Fibroadenoma of the Breast
Michigan Breast Specialists
Causes, incidence, and risk factors
Fibroadenoma of the breast is a noncancerous (benign) tumor. It is the most common benign tumor of the breast and the most common breast tumor in women under age 30.
Most of the time they present as a lump in the breast, but they can also be found incidentally on a mammogram exam.
A fibroadenoma is made up of breast gland tissue and fibrous issue that helps support the breast gland tissue. It is considered a proliferative breast lesion. The exact cause of fibroadenomas is unknown. They seem to be influenced by estrogen, because they appear most often in premenopausal or pregnant women.
Black and Asian women tend to develop fibroadenomas more often and at an earlier age than white women. Increasing age reduces the risk of development.
Fibroadenomas are usually single lumps, but about 10 - 15% of women have several lumps develop in both breasts.
Lumps may be:
- Easily moveable under the skin
They have smooth, well-defined borders. They may grow in size, especially during puberty and pregnancy. Fibroadenomas often get smaller after menopause (if a woman is not taking hormone replacement therapy).
Signs and tests
After the physical examination, a breast ultrasound is advised which generally shows a classical appearance of a well-defined solid mass with defined edges.
A core needle biopsy must be performed to get a definite diagnosis. Women in their teens or early 20s may not need a biopsy if the lump does not change over a long period of time.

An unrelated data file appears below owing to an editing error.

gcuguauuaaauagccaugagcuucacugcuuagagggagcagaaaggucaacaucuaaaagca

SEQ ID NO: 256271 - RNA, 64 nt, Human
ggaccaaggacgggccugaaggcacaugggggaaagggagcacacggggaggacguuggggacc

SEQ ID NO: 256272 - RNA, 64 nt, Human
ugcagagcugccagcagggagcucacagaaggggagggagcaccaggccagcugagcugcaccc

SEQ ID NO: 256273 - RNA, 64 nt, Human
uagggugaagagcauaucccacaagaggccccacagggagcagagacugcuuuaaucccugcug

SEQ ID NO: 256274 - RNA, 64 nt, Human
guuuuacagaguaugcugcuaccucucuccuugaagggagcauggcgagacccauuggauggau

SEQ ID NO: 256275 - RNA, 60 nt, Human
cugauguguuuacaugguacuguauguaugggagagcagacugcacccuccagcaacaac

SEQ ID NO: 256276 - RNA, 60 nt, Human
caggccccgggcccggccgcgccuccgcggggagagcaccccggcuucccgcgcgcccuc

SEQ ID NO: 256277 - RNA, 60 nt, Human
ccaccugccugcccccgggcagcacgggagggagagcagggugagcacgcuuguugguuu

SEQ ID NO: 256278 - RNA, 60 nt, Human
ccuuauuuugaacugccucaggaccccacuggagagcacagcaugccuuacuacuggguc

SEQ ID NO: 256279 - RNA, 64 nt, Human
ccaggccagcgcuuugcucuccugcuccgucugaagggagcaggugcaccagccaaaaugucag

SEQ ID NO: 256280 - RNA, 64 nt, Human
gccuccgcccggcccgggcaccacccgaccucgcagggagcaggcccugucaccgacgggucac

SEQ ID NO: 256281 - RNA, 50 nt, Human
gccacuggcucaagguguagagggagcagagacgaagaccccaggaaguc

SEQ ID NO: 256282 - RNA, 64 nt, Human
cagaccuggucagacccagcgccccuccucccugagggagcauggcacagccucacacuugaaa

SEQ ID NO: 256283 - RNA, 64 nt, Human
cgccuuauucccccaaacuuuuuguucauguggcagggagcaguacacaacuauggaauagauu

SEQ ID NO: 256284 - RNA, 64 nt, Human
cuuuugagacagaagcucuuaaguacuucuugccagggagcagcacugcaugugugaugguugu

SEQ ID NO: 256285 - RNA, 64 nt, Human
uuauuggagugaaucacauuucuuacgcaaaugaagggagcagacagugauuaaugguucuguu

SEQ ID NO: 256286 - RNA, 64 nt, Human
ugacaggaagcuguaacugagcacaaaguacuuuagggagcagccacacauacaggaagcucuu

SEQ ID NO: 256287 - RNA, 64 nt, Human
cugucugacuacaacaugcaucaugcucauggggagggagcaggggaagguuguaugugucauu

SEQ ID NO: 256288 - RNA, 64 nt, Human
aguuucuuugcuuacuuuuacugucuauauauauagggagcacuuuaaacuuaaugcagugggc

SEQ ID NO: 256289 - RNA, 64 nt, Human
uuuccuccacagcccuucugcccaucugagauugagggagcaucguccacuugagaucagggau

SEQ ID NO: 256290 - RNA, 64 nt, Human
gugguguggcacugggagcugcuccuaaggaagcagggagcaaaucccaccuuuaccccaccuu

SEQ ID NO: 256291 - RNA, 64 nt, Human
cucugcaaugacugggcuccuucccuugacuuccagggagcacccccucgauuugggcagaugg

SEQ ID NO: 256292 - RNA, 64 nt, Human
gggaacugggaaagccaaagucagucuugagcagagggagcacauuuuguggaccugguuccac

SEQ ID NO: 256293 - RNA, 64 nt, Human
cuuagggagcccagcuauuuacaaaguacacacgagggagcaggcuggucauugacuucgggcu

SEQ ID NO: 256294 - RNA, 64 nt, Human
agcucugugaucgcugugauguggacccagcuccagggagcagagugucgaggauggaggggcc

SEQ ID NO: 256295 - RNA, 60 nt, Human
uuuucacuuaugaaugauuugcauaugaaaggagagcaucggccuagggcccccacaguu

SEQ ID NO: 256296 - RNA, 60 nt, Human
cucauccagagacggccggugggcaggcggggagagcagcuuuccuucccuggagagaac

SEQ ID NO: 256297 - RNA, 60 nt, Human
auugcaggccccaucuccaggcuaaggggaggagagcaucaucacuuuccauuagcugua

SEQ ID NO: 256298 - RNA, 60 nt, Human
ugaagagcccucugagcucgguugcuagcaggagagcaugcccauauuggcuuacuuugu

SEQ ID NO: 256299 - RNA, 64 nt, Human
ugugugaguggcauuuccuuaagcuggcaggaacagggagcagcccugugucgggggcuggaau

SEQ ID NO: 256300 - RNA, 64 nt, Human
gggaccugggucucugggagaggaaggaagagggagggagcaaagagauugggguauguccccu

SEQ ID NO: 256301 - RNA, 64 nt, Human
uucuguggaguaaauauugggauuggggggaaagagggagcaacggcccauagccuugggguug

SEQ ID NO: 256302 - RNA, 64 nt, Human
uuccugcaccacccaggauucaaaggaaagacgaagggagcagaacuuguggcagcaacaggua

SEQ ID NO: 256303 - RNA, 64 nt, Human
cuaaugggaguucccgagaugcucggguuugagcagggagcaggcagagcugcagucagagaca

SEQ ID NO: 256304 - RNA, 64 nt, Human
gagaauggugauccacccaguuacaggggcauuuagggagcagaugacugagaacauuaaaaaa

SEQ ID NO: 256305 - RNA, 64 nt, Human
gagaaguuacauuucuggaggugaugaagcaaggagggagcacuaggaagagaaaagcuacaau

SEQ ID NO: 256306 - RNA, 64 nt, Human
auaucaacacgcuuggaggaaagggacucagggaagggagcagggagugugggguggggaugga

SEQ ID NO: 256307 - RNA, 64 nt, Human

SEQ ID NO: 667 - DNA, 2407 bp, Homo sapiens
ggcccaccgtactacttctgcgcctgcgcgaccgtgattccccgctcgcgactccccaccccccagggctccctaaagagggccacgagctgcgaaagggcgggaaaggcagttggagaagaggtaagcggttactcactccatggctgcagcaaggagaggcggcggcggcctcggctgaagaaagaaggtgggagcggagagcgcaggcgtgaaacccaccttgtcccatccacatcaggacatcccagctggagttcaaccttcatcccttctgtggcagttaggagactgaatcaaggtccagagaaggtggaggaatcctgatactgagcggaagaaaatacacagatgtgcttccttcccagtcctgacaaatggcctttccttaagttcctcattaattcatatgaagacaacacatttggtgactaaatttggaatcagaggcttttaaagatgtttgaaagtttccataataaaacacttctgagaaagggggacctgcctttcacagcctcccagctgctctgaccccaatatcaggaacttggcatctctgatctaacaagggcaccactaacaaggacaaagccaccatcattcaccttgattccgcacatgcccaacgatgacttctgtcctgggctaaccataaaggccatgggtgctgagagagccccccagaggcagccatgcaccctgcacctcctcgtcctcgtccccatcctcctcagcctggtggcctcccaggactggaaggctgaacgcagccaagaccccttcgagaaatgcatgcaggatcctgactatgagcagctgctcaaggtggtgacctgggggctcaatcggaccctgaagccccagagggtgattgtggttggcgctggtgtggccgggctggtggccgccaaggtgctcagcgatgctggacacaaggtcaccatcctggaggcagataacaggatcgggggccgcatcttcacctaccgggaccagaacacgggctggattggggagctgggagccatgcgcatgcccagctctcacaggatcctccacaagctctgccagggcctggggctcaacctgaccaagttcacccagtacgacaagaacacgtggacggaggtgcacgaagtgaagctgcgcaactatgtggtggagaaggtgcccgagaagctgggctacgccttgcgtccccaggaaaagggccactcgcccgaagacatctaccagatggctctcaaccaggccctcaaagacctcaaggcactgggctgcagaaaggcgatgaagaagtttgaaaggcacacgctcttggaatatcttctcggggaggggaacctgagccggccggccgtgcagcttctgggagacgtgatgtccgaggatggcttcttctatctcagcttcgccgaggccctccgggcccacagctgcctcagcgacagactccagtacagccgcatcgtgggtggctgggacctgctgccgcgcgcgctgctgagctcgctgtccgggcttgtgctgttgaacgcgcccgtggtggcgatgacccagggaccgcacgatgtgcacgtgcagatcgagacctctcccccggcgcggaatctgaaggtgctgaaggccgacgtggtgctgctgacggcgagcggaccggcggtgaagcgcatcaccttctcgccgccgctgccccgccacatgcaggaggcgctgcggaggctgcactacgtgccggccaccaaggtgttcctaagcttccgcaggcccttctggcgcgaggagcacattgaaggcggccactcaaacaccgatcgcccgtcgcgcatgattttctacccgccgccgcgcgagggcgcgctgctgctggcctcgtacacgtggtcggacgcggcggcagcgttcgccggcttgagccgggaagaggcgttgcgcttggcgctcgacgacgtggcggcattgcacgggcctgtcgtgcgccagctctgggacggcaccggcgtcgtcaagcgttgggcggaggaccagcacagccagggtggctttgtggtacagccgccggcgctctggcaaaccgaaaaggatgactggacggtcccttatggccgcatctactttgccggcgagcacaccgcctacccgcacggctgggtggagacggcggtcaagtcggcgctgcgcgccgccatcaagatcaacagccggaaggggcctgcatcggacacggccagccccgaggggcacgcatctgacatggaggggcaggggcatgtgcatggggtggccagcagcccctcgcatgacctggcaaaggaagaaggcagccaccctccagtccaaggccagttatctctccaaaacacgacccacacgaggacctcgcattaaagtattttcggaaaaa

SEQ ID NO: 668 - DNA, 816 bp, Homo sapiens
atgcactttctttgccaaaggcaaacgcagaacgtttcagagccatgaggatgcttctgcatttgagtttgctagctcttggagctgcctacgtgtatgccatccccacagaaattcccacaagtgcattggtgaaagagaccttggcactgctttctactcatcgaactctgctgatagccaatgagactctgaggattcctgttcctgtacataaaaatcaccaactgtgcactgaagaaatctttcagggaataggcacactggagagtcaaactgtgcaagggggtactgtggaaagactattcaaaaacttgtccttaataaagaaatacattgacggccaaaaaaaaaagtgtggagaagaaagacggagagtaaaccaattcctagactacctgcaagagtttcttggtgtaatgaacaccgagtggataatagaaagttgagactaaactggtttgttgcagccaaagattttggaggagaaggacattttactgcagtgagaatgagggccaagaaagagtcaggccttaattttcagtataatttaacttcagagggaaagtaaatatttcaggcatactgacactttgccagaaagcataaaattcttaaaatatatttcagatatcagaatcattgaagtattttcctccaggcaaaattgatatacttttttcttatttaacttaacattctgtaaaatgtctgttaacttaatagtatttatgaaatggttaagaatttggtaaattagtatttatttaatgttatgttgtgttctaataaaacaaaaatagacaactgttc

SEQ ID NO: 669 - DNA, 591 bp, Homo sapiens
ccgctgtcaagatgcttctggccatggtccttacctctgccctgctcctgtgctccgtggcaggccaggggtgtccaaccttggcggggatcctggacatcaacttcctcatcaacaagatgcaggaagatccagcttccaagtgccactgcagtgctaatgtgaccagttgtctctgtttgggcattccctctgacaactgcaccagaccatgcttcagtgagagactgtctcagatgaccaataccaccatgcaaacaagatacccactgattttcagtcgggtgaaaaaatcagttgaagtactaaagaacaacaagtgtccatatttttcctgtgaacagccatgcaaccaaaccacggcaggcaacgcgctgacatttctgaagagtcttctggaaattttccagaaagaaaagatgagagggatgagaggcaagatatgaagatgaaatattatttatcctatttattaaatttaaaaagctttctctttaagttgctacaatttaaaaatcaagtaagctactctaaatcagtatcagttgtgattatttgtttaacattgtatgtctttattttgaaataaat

If a biopsy shows that the lump is a fibroadenoma, the lump may be left in place, or removed.
The decision to remove the lump is made by the patient and the surgeon. Reasons to have it removed include:
- Abnormal biopsy results, with other cells mixed with the fibroadenoma.
- Increased tenderness.
- The mass has increased in size, especially if over one inch ( 2 centimeters) in size.
If the lump is left in place, it may be watched over time with:
- Physical examination
Lumps that are not removed should be checked regularly by physical exams and imaging tests, following the doctor's recommendations.
If the lump is left in place and carefully watched, it may need to be removed at a later time if it changes, or grows.
- Sudden increase in size of tumor
- Pain in breast not affected by menstrual cycle
- Hard, immovable tumors
- Change in color of the skin
Call Michigan Breast Specialists at 313-647-3900 if you have a lump that grows or changes in any way.